Despite what is perceived as an orchestrated campaign to smear its corporate image, integrated energy group, Aiteo has remained resilient, catapulting itself to one of Africaâ€™s fastest-growing conglomerates. Ejiofor Alike reports
A few months ago, Aiteo Group achieved a peak production of 90,000 barrels of crude oil from Oil Mining Lease (OML) 29 exactly one year after the company acquired the sub-Saharan Africaâ€™s reputedly largest onshore oil block.
The integrated energy group acquired the plum asset from Shell Petroleum Development Company (SPDC), which fully exited the facility in September 2015.
Data showed that at the time of the divestment, average production from the asset was 23,000 barrels per day.
But leveraging on the diversity and skills of its workforce as a dynamic international energy conglomerate, the company tripled the production capacity of the acreage within one year.
As the company was celebrating this feat, its Chief Executive Officer and Vice Chairman, Mr. Benedict Peters, highlighted several existing and developing projects that could potentially grow the assetâ€™s production to over 150, 000 barrels of oil per day and 200 million standard cubic feet per day of gas (mmscf/d).
According to him, the companyâ€™s outlook is bright with three oil-producing fields and viable crude exports via Bonny terminal.
Apart from its feat in growing its crude oil production, Aiteo has an ambitious five-year target of tackling the power challenges in Nigeria through its legacy investments in the gas-to-power value chain.
In the interim, the company plans to develop power generation projects across Nigeria.
The companyâ€™s main subsidiary, Aiteo Eastern E&P, is also a major infrastructure provider for Nigeriaâ€™s oil industry as the operator of the 97km Nembe Creek Trunk Line (NCTL).
The pipeline, which is an industry-wide evacuation facility for produced fluids covering much of the countryâ€™s Eastern Delta region, is one of the two major pipelines used by Shell and other producing companies operating in eastern Niger Delta to evacuate crude to export terminals.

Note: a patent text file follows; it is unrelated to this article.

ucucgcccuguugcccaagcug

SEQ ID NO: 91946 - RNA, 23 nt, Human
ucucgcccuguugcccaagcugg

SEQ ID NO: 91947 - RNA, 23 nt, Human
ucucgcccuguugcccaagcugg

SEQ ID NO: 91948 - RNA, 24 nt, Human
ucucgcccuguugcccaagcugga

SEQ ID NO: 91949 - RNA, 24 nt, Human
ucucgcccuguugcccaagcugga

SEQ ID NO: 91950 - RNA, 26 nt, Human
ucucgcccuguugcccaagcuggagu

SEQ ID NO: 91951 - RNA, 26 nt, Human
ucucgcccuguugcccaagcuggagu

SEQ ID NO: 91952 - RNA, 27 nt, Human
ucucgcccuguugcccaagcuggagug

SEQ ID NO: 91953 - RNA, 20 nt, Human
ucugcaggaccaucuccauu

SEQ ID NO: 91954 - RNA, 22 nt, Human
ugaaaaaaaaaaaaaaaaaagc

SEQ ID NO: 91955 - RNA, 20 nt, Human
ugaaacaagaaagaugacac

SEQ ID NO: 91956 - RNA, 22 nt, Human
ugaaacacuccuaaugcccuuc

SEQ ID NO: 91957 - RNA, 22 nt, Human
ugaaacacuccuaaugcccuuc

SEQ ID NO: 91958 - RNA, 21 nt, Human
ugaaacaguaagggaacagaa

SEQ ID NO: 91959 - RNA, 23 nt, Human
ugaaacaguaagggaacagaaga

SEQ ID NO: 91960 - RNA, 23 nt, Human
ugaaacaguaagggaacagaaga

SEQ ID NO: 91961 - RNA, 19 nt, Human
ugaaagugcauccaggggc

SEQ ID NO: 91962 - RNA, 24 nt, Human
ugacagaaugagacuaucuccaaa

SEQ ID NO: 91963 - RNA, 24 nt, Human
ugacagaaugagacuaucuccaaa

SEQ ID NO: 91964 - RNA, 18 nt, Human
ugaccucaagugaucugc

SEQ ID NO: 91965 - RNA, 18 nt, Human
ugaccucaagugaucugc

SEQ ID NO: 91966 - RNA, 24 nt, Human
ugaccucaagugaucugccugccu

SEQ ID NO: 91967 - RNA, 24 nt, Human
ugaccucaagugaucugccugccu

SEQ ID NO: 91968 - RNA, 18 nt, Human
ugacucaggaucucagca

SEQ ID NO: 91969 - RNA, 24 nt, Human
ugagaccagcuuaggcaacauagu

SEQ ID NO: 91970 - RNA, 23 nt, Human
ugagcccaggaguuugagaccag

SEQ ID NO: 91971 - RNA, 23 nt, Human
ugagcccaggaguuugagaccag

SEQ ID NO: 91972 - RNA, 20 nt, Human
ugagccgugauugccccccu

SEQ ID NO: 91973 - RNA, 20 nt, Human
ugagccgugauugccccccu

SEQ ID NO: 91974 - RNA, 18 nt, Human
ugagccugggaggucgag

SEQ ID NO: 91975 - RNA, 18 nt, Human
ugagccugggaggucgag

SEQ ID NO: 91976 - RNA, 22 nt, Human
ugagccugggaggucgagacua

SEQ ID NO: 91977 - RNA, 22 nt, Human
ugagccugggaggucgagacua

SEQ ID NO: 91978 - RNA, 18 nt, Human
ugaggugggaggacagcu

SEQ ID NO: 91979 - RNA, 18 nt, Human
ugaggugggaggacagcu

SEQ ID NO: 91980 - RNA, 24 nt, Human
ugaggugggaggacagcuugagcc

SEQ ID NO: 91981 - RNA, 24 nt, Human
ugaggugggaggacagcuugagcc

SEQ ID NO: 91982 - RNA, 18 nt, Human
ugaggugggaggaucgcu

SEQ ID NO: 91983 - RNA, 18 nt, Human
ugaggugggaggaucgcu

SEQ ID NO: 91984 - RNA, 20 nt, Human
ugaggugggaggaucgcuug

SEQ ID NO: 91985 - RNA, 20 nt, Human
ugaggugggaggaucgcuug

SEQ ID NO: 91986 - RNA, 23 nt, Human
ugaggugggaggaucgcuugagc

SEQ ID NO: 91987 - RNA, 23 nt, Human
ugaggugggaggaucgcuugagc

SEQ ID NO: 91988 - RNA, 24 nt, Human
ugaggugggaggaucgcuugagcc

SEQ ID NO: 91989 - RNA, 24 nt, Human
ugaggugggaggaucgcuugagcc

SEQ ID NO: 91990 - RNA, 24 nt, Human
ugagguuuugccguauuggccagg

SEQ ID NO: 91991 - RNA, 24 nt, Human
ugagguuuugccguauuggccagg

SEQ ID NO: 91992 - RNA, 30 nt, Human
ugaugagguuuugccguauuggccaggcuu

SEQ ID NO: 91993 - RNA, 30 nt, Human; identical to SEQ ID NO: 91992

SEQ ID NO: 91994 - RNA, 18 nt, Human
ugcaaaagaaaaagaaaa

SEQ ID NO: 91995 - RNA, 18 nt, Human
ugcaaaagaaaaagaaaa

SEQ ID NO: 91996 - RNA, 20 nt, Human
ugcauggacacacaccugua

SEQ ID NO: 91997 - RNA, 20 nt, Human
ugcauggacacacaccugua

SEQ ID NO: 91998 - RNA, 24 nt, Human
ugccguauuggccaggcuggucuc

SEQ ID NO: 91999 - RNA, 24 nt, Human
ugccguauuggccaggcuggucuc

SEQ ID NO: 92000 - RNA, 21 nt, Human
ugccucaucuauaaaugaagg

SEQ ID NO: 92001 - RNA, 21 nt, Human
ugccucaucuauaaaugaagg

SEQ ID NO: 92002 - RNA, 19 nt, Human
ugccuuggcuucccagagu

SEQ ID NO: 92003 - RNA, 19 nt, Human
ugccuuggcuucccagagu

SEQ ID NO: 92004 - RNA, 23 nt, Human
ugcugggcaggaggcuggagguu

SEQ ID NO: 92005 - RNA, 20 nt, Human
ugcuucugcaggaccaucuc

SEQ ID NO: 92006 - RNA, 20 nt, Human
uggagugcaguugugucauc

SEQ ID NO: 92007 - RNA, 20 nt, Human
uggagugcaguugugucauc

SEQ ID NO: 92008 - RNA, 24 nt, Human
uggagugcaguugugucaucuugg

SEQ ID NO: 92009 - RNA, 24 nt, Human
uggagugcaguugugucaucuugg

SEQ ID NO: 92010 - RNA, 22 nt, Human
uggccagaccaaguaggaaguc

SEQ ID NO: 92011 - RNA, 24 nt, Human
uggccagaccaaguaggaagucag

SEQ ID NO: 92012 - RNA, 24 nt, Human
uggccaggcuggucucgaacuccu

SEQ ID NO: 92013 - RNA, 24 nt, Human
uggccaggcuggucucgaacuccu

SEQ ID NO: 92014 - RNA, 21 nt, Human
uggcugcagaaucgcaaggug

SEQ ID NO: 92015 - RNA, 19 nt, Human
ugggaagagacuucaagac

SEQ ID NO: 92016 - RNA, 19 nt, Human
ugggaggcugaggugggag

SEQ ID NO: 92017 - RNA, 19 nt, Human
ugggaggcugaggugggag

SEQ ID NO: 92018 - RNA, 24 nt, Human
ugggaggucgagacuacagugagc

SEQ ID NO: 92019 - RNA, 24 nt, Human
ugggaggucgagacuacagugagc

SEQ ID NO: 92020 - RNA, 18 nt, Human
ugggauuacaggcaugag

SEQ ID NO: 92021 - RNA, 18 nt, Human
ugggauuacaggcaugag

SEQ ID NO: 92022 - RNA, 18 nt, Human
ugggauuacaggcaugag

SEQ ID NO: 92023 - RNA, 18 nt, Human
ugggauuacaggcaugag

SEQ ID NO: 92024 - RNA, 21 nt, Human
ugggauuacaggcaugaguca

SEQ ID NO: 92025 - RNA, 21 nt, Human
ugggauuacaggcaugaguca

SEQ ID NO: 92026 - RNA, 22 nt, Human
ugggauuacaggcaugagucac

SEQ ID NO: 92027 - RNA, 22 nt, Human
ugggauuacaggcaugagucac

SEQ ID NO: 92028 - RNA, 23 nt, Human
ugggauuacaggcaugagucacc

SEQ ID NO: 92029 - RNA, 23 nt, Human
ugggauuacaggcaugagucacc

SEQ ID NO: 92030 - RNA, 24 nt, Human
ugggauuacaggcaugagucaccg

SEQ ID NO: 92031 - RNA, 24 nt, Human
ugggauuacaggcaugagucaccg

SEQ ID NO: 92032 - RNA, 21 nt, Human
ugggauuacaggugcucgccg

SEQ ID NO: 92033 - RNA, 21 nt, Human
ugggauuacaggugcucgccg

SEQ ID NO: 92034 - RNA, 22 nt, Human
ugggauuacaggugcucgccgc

Aiteoâ€™s resolve is to provide Nigeria consistently with integrated energy solutions that power the future.
Efforts on sports development
In line with the global trend where developed countries and big national brands invest heavily in sports as a tool to engender unity, discipline and healthy living among the citizens, the company has contributed significantly to Nigeriaâ€™s sport development.
Having carved a niche in the oil and gas industry, Aiteo as a big Nigerian brand, did not wait for the government to develop sports.
The Women Challenge Cup, Federations Cup and Nigeria Women Premier League are competition organised by the Nigerian Football Federation (NFF).
Indeed, the Women Challenge Cup and the Nigerian Women Premier League are organised for women football and played at Teslim Balogun Stadium in Lagos.
However, in June 2017, the NFF sealed a five-year deal with the Aiteo Group for the naming rights of the competition.
Recently, Akwa United defeated Niger Tornadoes in the presence of the new Confederation of African Football (CAF) President, Ahmad, in the final of the maiden Aiteo Cup at the Agege Stadium in Lagos.
At the end of a drab 90 minutes, Akwa United won the ensuing penalty kicks 3-2 to pocket the sponsorâ€™s N25million while Tornadoes got N10million.
Also recently, the company, which is the sponsor of the Federation Cup, took over the sponsorship of the annual CAF Awards organised by the CAF.
Before this development, Globacom had been sponsoring the awards since 2005.
Sustained campaign of calumny
It is, however, strange that despite the companyâ€™s impressive records in the oil and gas sector, as well as in sports, it is has been subjected to sustained smear campaigns.
First, there was an allegation that the company maintained a corrupt relationship with the erstwhile Nigerian Minister of Petroleum Resources, Mrs. Diezani Alison-Madueke, principally to tarnish the image and reputation of the company as well as its executive vice chairman.